BMW Reveals New iX3 With 285 Miles of Range

The X3-based electric vehicle will be produced in China for export but is not slated for sale in U.S.

Greg Kable

July 14, 2020

3 Min Read
Options for iX3 include 150-kW DC fast-charge, claimed to reach 80% state of charge in 34 minutes.BMW

BMW reveals its second battery-electric model, the iX3.

Based on the third-generation X3, the new CUV is positioned above the existing i3, debuting what BMW describes as its fifth-generation eDrive system. It features a newly developed electric motor and lithium-ion battery that provides the iX3 with 282 hp and an official range of 285 miles (459 km) on the WLTP test cycle.

First previewed in concept car guise at the 2018 Beijing auto show, the iX3 breaks new ground by being the first BMW to be built in China for export.

Production of the first of three new electric-powered i models set to go on sale within the next 18 months will take place exclusively at a joint venture factory operated by BMW and Chinese automaker Brilliance in Shenyang, Liaoning province.

While U.S. sales have been ruled out, BMW says the iX3 will be sold in key European markets including Germany.

Holding true to the appearance of the earlier concept, the production version of the iX3 (pictured below) is differentiated from the standard X3 by a new-look front grille with vertical air ducts at each corner, altered breather element behind the front wheelhouses, revised sills underneath the doors and a lightly revised rear bumper.

Blue elements within the grille, sills and rear bumper signify the iX3’s electric propulsion. It also receives uniquely designed, aerodynamically optimized 19-in. wheels shod with 245/50 profile tires as standard, which contribute to a claimed drag coefficient of 0.29.

Although its model name suggests it is all-wheel drive, the iX3 is planned to be offered exclusively with rear-wheel drive. Power comes from a rear-mounted synchronous electric motor producing 282 hp and 295 lb.-ft. (400 Nm) of torque, with drive channeled through a single-speed gearbox.

The in-house-developed electric motor, described as a fifth-generation unit, avoids the use of rare earths, which lowers manufacturing costs and bolsters environmental credentials compared to the electric motors BMW has produced until now.

Power density, a key indicator of efficiency, is said to be 30% greater than that of the electric motor used by the existing i3. The new electric motor also is engineered to achieve its peak torque at higher sustained revs than BMW’s earlier units.

BMW iX3 (2).jpg

BMW iX3 (2)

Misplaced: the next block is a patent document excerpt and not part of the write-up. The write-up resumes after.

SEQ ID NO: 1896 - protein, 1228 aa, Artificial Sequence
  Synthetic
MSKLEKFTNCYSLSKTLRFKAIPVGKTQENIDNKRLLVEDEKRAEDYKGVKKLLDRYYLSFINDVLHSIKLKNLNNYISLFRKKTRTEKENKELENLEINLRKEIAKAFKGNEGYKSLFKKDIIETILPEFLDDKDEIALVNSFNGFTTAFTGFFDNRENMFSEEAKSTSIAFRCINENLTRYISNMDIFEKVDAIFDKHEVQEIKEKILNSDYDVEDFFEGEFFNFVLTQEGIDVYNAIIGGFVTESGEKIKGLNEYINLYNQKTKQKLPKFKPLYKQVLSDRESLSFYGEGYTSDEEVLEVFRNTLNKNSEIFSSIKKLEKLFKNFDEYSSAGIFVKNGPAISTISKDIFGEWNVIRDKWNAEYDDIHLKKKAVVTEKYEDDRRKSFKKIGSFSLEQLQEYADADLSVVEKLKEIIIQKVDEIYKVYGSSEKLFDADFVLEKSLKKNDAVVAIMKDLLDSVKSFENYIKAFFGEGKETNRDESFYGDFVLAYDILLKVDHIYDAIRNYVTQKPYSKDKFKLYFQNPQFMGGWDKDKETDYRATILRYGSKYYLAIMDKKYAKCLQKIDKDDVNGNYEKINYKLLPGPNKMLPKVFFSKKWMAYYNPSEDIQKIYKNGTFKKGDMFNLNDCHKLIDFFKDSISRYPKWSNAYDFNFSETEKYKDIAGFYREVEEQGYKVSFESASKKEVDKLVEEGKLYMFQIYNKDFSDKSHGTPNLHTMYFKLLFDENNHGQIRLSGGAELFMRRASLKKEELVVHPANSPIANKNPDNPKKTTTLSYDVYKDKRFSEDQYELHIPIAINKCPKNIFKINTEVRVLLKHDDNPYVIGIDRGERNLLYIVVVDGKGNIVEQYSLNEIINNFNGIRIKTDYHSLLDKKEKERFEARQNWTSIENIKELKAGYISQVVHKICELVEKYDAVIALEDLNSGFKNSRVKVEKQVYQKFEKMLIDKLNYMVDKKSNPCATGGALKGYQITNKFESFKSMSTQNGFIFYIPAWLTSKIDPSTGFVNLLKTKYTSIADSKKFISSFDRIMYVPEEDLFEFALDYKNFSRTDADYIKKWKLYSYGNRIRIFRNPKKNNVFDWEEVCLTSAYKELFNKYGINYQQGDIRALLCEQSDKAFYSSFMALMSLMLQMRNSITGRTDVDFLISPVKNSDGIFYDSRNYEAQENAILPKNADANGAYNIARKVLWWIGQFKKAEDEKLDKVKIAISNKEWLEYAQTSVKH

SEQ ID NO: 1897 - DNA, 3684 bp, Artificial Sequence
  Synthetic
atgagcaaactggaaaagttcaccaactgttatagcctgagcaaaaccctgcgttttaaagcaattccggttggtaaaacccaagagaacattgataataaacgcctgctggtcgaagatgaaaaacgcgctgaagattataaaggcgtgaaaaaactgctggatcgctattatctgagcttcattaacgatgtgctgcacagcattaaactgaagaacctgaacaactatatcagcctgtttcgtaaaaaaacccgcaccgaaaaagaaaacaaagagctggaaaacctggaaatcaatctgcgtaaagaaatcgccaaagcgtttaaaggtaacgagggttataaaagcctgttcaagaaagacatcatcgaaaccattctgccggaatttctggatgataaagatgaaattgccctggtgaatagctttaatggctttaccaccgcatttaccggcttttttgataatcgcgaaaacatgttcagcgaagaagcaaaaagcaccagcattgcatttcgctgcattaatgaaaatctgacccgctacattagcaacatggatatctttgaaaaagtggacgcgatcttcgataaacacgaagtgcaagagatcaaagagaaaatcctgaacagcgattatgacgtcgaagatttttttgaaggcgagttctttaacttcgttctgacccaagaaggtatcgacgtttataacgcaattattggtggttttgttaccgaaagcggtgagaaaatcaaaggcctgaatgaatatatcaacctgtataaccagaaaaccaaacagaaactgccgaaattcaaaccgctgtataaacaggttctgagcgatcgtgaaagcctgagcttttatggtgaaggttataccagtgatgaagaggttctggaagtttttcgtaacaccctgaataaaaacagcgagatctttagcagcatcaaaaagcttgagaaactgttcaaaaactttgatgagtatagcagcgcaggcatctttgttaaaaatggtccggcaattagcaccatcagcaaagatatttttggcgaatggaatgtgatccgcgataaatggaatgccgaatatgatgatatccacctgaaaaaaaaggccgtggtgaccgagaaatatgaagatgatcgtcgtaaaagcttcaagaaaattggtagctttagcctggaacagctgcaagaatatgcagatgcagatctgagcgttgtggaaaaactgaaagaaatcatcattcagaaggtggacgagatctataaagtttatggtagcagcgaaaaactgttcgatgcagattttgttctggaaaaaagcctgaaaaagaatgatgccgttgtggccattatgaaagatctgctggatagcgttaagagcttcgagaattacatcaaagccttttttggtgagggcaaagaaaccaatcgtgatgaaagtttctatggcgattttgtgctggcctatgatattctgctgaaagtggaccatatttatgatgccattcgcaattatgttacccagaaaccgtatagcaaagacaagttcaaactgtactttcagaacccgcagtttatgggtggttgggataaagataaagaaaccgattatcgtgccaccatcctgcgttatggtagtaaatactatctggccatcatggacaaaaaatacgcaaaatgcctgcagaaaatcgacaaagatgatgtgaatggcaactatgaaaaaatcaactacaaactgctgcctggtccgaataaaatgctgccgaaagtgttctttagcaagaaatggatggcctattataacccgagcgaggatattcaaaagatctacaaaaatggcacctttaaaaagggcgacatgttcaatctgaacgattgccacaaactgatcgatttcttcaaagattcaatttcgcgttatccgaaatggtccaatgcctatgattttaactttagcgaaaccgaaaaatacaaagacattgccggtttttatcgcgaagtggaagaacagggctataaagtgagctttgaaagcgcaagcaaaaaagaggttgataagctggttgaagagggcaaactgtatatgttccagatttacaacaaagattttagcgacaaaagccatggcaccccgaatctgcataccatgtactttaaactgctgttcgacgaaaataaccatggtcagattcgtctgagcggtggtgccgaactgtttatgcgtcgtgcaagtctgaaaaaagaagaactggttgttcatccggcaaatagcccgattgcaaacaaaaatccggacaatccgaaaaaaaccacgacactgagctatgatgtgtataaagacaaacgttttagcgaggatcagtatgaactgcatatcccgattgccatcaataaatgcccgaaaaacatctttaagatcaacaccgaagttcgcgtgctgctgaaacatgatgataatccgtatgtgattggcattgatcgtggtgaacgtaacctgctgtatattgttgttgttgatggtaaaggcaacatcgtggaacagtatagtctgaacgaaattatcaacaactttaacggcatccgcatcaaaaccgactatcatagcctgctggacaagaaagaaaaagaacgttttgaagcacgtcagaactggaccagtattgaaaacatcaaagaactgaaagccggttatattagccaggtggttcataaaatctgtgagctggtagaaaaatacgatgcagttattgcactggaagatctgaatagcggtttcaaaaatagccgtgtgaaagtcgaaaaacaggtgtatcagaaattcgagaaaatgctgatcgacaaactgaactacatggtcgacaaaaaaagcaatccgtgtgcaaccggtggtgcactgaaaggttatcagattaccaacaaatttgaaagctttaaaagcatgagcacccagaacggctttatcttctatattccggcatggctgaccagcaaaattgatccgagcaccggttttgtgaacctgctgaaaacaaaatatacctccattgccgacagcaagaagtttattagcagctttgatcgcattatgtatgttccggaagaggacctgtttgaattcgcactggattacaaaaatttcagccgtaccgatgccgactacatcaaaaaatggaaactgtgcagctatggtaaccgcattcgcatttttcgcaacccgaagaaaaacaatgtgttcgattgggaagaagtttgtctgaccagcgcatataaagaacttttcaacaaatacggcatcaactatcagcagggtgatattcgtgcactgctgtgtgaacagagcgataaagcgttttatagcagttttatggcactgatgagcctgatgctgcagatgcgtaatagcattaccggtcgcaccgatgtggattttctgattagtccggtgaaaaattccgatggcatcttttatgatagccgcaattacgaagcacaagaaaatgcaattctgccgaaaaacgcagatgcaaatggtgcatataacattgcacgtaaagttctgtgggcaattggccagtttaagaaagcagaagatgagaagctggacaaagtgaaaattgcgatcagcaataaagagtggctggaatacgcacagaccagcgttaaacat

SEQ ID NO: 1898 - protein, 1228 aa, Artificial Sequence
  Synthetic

Exact details are yet to be revealed, though sources suggest it can achieve up to 17,000 rpm compared to the 14,000 by the i3’s electric motor.

As well as featuring in the new iX3, BMW’s fifth-generation electric motor will be used in more powerful tune by the upcoming i4 sedan and the production version of the iNext concept. Both are planned for introduction by the end of 2021.

BMW claims a 0-62 mph (100 km/h) time of 6.8 seconds for the 4,817-lb. (2,185-kg) iX3, some 0.4 seconds more than the conventional 248-hp turbocharged 3.0L gasoline inline-6 X3 sDrive30i. Top speed is limited to 112 mph (180 km/h) in a move aimed at preserving range rather than any concern over stability, according to the automaker.

The electric motor is allied to a lithium-ion battery with a gross energy content of 80 kWh (74kWh net) that operates at 400 volts. BMW puts the range at 285 miles. This compares to the 193-mile (311 km) WLTP range quoted for the i3.

By integrating the battery wholly within the floorpan and underneath the rear seat, BMW claims to have lowered the center of gravity up to 3.0 ins. (76 mm) compared to internal-combustion X3 models, for what BMW describes as “noticeably enhanced lateral dynamics.”

As with the X3, BMW will offer its new i model with an optional adaptive M suspension.

Unlike the i3, which uses battery cells supplied by Samsung SDI, the iX3 receives cells from Chinese battery manufacturer CATL. They use the same NMC-811 chemical process, but BMW says the cobalt content in its latest EV battery has been significantly reduced.

The decision to use CATL as a battery supplier stems from regulations specifying all-electric cars produced in China must use a domestically produced battery.

BMW offers several charging possibilities, including a 150-kW DC fast-charge function. It is claimed to provide an 80% state of charge in 34 minutes.

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